Elcylene de Araújo Leocádio
Fellow Since 1988
This description of Elcylene de Araújo Leocádio's work was prepared when Elcylene de Araújo Leocádio was elected to the Ashoka Fellowship in 1988.
Elcylene Leocadio, a young doctor from Recife in Brazil's Northeast, wants to ensure that poor women receive appropriate, integrated medical assistance and are able to make well-informed decisions on family planning.
The New Idea
Leocadio is launching a project that will systematically monitor, evaluate and press for the full implementation of the "Programa de Assistencia Integral a Saude da Mulher" (PAISM), an integrated women's health program.This program of the national Ministry of Health was formally put in place five years ago and was considered to be a great victory of the women's movement. However, to this day the program has not been implemented anywhere.Leocadio's objective is to see that the program is implemented over the next several years. She is beginning by mapping out carefully what is and is not being done in all the public and private health institutions in Recife. She will then focus in on the two most heavily populated health service areas in the city, areas where the program is supposed to be functioning. By monitoring performance regularly (which she can do given the access she has as a doctor) and by feeding these evaluations back to the women's community and to the health program itself, she hopes to help redefine the community's health agenda.The local women's community groups and the larger regional and national women's organizations will become an active consumer and pressure group. By working closely with the public health and medical institutions, each divided into many bureaucratic compartments, Leocadio hopes to be able to provide some of the missing project management necessary to make this integrated program function.Leocadio will spread the analysis and the model she develops in Recife throughout Brazil, using the women's movement and channels of professional medicine and public health management.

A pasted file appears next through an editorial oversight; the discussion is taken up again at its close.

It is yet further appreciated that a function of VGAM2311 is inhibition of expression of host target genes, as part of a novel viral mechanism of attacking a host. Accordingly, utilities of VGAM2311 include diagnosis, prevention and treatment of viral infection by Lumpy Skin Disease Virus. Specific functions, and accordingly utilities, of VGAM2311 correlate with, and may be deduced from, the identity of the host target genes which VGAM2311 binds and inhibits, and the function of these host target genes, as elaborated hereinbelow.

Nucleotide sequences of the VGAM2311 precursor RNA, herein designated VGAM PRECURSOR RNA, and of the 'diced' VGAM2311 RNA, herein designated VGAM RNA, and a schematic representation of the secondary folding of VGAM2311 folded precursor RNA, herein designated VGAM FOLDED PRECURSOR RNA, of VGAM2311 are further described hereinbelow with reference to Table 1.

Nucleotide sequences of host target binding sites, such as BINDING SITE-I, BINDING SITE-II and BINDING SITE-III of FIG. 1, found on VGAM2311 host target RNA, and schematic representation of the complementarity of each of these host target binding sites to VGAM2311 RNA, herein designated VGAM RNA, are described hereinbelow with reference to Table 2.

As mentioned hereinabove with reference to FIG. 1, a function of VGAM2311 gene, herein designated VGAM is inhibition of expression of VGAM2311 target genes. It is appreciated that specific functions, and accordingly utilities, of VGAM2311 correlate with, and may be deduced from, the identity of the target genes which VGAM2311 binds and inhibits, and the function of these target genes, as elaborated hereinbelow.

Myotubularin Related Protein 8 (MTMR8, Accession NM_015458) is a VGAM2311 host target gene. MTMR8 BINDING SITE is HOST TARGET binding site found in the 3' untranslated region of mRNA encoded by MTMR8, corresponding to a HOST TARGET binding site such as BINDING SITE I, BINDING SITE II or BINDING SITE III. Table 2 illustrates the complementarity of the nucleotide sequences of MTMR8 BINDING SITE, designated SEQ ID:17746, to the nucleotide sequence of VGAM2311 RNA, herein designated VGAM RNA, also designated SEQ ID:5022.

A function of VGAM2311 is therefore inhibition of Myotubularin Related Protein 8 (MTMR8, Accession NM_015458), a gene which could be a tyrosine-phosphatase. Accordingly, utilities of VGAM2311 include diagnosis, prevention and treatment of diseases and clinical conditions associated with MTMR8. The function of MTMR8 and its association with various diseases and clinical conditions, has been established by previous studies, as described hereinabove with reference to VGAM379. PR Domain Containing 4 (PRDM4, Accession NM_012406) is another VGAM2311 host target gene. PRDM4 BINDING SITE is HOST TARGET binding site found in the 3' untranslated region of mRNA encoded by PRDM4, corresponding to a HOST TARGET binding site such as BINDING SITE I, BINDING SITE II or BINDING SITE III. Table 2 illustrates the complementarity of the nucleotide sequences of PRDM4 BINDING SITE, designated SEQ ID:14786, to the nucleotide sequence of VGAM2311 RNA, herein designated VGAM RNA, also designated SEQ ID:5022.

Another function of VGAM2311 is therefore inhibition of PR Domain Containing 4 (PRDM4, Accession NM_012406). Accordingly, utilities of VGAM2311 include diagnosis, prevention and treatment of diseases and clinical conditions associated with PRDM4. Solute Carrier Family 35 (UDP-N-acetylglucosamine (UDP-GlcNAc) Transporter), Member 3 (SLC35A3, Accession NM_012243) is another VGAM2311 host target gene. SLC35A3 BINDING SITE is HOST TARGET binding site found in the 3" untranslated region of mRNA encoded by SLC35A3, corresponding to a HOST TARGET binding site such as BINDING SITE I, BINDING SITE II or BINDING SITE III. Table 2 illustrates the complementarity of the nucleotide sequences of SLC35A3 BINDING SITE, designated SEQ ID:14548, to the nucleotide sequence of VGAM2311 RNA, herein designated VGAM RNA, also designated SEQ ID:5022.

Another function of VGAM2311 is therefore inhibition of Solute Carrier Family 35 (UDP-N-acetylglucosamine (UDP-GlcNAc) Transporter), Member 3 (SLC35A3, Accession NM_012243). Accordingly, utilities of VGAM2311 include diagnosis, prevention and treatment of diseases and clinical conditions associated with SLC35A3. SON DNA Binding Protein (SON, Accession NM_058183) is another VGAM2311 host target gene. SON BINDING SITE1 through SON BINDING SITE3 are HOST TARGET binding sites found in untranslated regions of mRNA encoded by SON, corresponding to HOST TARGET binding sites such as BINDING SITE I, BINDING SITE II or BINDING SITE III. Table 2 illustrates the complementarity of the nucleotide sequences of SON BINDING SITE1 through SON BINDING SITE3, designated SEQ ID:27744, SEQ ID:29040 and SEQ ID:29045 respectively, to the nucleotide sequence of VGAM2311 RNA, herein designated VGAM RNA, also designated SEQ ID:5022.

Women's health issues have until recently received inadequate attention in Brazil -- be it neonatal care, gynecological disease, family planning, special nutritional needs, or a host of other concerns. The problem is especially acute for the poor majority. The case of family planning is illustrative. Due to political pressures, especially from the Church, family planning policies in Brazil, when not entirely lacking, have been remarkably ambiguous. A few overstretched non-governmental organizations have been dispensing free birth control devices with questionable controls. Research done among women in the city of Recife showed that the pill accounted for over 90% of the contraceptive methods used with the condom coming second, being used in 7% of the cases. 60.2% of the women using the pill were using it incorrectly. Some women were even giving the pills to their children to fatten them up. The drug stores are another important source of contraceptives. In this case, the monthly or trimester injection (not approved in the U.S.) is the most popular method and is commonly dispersed by non-qualified drug store workers. In certain areas there are very high rates of sterilization; for instance, Elcylene reports that in Recife 40% of the women of fertile age have had tubal ligations.Abortion is highly controversial. Although it is illegal, considered against medical ethics and condemned by the Church, abortion remains widely practiced in Brazil. The best estimates suggest that there are between 3 and 5 million abortions a year. Many of these abortions, particularly in the case of poor women, are performed at home or under unsafe conditions that put the woman's life at risk.Research has repeatedly shown that poor women have very little information, understanding and decision-making power regarding birth control methods. This is only one example of their having little sense of how to obtain quality health services, let alone of how to seek out care alternatives.